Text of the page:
I was reading this paper:
Peralta, G., Sánchez, M.B., Roiz, M.P. et al. Diabetes does not affect outcome in patients with Enterobacteriaceae bacteremia. BMC Infect Dis 9, 94 (2009). https://doi.org/10.1186/1471-2334-9-94
These authors in the discussion section mention a similar past study, where they say that "this group found a slightly higher risk of late death in diabetic patients".
However when I looked at the study they are citing:
Reimar W. Thomsen, Heidi H. Hundborg, Hans-Henrik Lervang, Søren P. Johnsen, Henrik C. Schønheyder, Henrik T. Sørensen, Diabetes Mellitus as a Risk and Prognostic Factor for Community-Acquired Bacteremia Due to Enterobacteria: A 10-Year, Population-Based Study among Adults, Clinical Infectious Diseases, Volume 40, Issue 4, 15 February 2005, Pages 628–631, https://doi.org/10.1086/427699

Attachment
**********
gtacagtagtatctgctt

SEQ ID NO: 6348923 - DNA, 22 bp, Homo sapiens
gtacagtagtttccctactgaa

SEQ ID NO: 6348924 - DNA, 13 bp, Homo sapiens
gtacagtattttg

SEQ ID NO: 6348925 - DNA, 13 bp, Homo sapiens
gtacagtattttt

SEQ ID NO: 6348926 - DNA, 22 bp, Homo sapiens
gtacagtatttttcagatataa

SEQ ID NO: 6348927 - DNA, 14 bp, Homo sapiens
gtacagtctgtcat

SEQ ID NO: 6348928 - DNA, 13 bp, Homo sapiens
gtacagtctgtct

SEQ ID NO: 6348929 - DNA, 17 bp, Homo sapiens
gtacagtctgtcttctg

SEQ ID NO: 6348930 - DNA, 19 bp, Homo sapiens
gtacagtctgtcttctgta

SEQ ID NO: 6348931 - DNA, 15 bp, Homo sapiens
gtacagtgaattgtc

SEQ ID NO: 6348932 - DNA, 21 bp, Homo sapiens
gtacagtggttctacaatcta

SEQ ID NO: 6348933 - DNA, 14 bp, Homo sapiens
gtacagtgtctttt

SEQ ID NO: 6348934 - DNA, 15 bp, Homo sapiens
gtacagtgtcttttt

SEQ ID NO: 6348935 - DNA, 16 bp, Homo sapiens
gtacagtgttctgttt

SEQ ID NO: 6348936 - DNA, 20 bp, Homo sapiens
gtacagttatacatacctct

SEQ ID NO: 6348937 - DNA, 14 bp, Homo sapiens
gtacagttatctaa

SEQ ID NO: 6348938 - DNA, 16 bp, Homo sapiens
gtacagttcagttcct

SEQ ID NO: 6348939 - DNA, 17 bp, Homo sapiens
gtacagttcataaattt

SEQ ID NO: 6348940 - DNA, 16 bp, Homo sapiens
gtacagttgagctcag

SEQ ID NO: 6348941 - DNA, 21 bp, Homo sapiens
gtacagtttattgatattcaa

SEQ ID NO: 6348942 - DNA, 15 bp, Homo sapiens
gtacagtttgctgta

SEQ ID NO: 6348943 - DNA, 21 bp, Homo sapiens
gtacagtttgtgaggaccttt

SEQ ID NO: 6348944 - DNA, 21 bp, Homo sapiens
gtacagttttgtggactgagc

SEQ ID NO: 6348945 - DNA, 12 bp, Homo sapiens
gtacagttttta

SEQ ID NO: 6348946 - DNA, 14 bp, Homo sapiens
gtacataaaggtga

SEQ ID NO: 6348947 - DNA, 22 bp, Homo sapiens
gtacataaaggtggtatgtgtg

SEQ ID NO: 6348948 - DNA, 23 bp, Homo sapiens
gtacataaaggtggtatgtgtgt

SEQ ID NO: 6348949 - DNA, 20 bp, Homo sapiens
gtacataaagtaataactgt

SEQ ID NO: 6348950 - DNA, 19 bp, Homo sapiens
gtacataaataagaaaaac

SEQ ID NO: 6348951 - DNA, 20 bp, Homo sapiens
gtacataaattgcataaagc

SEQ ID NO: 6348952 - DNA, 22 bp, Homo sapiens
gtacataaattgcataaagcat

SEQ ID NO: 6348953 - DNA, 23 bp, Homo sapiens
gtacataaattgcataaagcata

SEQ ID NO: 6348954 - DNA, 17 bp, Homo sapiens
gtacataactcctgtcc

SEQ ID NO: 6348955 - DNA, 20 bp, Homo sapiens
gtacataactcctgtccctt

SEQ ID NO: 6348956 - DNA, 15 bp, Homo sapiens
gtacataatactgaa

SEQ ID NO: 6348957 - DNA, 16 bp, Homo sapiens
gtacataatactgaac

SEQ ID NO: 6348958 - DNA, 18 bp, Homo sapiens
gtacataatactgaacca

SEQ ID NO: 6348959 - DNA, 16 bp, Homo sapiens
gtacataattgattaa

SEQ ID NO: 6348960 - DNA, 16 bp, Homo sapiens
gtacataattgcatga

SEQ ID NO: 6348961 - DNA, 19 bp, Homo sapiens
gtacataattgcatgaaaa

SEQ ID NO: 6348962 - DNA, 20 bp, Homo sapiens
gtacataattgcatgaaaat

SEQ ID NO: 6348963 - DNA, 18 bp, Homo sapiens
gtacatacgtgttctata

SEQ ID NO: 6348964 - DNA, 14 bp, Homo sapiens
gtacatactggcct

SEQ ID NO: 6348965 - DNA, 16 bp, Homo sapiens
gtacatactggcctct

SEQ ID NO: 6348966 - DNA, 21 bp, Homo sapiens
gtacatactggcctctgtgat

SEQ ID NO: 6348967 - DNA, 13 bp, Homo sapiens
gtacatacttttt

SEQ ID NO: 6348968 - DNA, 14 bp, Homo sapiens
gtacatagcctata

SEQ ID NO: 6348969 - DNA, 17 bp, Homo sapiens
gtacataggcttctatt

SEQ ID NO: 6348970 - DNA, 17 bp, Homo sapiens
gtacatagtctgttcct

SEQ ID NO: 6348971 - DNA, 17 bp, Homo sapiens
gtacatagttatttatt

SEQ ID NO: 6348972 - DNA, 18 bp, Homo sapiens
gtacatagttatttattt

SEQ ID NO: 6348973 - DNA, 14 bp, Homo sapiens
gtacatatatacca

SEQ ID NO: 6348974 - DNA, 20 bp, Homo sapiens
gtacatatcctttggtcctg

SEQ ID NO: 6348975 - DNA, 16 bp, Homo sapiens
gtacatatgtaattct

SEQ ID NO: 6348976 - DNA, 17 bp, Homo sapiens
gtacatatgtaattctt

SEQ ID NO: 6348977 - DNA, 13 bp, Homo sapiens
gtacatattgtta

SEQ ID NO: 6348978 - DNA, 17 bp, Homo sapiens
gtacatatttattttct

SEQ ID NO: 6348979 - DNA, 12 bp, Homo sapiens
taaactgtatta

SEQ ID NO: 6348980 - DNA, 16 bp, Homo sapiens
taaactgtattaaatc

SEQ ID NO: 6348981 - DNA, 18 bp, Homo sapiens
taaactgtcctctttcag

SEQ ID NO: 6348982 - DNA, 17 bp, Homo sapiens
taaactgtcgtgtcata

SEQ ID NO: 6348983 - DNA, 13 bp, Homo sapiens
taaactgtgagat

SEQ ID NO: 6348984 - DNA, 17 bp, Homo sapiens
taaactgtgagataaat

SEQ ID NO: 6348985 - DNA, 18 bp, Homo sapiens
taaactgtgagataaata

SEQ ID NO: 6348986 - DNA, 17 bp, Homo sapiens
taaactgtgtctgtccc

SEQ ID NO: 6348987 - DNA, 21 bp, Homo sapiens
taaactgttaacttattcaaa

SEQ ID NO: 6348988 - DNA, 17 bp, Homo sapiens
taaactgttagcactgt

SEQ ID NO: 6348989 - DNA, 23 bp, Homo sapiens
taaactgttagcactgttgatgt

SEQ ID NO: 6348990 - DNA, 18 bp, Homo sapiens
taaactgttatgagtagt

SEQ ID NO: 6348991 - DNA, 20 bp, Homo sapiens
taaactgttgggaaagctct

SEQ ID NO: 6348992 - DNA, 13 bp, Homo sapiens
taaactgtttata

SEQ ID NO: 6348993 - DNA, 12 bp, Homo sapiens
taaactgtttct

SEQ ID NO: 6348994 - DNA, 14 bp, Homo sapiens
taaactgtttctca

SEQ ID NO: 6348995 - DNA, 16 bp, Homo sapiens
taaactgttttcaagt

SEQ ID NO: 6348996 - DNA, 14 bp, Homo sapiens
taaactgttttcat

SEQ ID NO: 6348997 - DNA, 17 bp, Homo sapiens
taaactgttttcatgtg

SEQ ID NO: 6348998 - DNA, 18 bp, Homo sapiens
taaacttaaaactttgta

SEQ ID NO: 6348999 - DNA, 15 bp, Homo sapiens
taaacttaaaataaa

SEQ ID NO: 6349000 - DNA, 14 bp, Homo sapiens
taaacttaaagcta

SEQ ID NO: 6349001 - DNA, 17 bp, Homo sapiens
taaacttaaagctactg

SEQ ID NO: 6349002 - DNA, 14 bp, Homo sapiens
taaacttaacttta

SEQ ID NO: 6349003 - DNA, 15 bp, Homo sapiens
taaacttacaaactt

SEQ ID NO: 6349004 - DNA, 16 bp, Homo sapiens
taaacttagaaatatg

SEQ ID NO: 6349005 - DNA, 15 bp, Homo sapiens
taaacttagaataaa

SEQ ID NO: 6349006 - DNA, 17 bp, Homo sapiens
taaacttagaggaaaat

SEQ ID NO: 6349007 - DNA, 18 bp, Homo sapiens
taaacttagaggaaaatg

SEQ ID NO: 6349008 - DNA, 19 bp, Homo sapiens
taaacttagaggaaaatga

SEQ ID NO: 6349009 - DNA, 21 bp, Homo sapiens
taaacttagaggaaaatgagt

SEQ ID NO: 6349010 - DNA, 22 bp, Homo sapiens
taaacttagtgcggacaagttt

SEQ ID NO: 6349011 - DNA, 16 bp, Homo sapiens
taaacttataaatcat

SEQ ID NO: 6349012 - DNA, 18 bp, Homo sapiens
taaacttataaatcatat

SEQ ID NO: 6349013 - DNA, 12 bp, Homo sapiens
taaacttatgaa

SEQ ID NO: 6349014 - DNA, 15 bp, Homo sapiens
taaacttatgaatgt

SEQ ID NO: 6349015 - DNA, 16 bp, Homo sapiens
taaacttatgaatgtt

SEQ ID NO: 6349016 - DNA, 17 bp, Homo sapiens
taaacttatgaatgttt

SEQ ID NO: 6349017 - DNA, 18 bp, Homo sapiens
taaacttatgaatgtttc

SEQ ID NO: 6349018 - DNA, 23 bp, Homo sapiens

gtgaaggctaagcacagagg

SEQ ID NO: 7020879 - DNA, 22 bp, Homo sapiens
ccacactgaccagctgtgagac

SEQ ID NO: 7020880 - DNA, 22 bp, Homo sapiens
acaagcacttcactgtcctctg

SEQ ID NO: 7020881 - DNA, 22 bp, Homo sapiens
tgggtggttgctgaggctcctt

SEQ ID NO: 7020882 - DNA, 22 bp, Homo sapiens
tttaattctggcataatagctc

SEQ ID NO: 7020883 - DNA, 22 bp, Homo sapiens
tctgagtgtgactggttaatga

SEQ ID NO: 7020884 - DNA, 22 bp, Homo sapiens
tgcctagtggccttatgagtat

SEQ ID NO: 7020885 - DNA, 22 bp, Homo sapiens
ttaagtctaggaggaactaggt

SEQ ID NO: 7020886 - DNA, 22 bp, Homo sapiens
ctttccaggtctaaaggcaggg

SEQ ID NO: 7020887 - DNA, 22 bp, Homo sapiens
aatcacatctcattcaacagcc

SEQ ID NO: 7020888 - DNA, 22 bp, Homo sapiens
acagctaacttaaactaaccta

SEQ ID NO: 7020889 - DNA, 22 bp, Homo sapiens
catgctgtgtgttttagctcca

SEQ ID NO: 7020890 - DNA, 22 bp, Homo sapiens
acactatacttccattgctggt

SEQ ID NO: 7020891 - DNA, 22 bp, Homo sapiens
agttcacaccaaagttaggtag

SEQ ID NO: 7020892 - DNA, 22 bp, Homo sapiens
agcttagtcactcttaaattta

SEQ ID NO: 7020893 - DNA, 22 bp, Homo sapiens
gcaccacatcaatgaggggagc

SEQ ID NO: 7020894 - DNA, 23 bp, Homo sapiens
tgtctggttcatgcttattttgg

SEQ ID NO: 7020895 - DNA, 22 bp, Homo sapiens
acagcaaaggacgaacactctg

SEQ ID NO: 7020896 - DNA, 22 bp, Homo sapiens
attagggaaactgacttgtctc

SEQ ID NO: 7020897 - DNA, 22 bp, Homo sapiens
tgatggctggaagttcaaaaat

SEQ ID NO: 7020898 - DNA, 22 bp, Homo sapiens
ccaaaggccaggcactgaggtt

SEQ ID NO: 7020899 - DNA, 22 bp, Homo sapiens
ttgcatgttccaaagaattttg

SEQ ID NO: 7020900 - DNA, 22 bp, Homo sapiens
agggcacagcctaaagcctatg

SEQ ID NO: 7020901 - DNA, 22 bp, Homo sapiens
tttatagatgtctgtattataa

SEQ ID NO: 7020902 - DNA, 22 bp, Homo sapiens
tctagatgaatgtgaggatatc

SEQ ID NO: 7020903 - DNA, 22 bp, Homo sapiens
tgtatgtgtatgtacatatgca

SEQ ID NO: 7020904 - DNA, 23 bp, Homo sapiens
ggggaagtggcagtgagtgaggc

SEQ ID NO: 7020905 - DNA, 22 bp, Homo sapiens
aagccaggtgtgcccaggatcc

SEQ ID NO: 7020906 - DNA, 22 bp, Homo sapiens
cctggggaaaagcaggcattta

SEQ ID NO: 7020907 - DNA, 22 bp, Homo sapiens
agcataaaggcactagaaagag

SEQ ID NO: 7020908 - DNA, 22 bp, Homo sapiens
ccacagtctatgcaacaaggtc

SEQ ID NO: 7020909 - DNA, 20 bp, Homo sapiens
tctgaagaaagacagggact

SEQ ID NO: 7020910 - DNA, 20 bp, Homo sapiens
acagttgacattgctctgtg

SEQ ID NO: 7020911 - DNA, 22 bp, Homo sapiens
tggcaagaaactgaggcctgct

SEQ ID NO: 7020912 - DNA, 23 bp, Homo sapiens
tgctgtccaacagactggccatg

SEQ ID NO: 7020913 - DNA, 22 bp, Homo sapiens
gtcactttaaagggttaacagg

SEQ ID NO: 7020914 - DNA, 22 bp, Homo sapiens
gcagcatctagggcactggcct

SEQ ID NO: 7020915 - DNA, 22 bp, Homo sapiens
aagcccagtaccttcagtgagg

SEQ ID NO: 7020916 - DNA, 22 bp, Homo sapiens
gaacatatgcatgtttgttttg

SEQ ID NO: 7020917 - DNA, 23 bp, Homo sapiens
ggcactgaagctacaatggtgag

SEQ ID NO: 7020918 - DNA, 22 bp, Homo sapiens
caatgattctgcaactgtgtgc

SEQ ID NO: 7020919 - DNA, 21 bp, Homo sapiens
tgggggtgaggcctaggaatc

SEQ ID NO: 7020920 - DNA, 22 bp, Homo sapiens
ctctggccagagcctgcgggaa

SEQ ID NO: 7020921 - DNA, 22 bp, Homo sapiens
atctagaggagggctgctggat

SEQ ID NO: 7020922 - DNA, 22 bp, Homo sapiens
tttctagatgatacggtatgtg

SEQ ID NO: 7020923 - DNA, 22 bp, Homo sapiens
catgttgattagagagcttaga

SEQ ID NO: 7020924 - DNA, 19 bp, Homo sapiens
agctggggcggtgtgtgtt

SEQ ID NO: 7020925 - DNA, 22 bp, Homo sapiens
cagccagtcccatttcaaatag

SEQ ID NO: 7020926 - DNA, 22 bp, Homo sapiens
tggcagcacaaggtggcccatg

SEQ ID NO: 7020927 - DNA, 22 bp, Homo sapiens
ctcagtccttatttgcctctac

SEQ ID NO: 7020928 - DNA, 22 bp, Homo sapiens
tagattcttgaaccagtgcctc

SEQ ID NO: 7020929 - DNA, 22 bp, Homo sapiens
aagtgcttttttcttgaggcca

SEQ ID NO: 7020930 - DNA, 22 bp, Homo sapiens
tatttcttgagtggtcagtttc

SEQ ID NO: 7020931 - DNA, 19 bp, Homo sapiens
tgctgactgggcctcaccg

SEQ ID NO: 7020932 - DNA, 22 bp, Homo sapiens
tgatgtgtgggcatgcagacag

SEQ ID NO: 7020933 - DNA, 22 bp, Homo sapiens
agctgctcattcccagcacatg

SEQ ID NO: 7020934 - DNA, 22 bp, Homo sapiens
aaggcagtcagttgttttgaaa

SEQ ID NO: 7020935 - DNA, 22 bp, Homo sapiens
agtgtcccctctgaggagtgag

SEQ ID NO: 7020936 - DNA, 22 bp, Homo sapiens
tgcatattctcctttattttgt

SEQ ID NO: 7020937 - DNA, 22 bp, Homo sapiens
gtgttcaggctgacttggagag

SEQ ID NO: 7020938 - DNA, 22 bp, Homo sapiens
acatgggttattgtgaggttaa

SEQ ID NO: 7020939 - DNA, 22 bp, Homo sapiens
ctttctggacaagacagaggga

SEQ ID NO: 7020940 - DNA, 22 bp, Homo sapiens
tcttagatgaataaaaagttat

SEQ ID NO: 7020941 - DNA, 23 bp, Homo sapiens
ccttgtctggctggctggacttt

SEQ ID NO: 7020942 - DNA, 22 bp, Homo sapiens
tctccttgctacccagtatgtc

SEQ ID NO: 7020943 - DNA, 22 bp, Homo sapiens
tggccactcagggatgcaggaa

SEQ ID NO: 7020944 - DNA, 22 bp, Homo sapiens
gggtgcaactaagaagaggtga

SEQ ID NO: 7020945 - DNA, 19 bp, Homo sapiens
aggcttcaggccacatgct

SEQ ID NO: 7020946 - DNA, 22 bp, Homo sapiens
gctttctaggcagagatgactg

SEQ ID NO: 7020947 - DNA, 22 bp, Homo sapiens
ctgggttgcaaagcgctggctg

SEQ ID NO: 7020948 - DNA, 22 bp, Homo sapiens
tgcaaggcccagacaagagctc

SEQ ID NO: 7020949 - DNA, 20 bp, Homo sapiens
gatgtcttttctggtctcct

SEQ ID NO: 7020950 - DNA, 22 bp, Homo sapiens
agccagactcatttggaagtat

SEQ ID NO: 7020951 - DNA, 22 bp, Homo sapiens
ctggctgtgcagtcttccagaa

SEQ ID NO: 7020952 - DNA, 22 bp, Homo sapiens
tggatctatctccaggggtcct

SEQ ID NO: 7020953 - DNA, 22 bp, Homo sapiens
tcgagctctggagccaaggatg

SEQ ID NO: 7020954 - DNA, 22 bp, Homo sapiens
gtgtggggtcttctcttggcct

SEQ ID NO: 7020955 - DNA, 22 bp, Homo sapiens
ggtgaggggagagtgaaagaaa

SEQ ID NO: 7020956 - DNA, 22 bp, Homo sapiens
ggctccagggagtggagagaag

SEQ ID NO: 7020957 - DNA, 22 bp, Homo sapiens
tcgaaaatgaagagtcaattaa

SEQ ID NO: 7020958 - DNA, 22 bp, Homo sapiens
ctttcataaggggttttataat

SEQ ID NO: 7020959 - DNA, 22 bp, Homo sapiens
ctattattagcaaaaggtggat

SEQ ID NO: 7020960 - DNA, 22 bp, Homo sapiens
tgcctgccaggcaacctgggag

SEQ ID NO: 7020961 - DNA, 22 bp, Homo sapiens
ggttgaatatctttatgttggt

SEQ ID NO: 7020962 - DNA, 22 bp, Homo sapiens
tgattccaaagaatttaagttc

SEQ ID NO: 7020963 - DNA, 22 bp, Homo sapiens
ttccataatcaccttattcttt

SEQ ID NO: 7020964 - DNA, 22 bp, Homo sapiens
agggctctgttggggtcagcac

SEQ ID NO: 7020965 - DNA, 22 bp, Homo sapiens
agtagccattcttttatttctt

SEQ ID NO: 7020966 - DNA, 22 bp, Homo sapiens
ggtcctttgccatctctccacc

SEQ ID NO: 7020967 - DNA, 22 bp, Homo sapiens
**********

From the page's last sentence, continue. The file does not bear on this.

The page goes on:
The results section indicated that the results were in fact not significant (you might need to look at the PDF version to see these numbers):
At 30 days, the mortality was 17.3% for diabetic patients and 13.4% for nondiabetic patients; after 90 days, it was 23.6% and 19.5%, respectively. After 30 days, the adjusted mortality rate ratio for diabetic patients was 1.3 (95% CI, 0.9–1.8), and after 90 days it was 1.2 (95% CI, 0.9–1.6). Stratification for focus of infection did not materially affect the mortality estimates. When focus of infection was included in the analyses, the mortality rate ratio for diabetic patients was virtually unchanged: 1.4 (95% CI, 1.0–2.0) after 30 days and 1.3 (95% CI, 0.9–1.7) after 90 days.
All of these confidence intervals appear to (barely) cross the null of 1. I am wondering why Peralta et al. appears to interpret this as a "slightly higher risk"? Is it because the results are only just barely including the null? Can it be appropriate to interpret confidence intervals in this way, that even though they are not "statistically significant" they can still perhaps suggest an elevated risk since they are almost entirely above the null?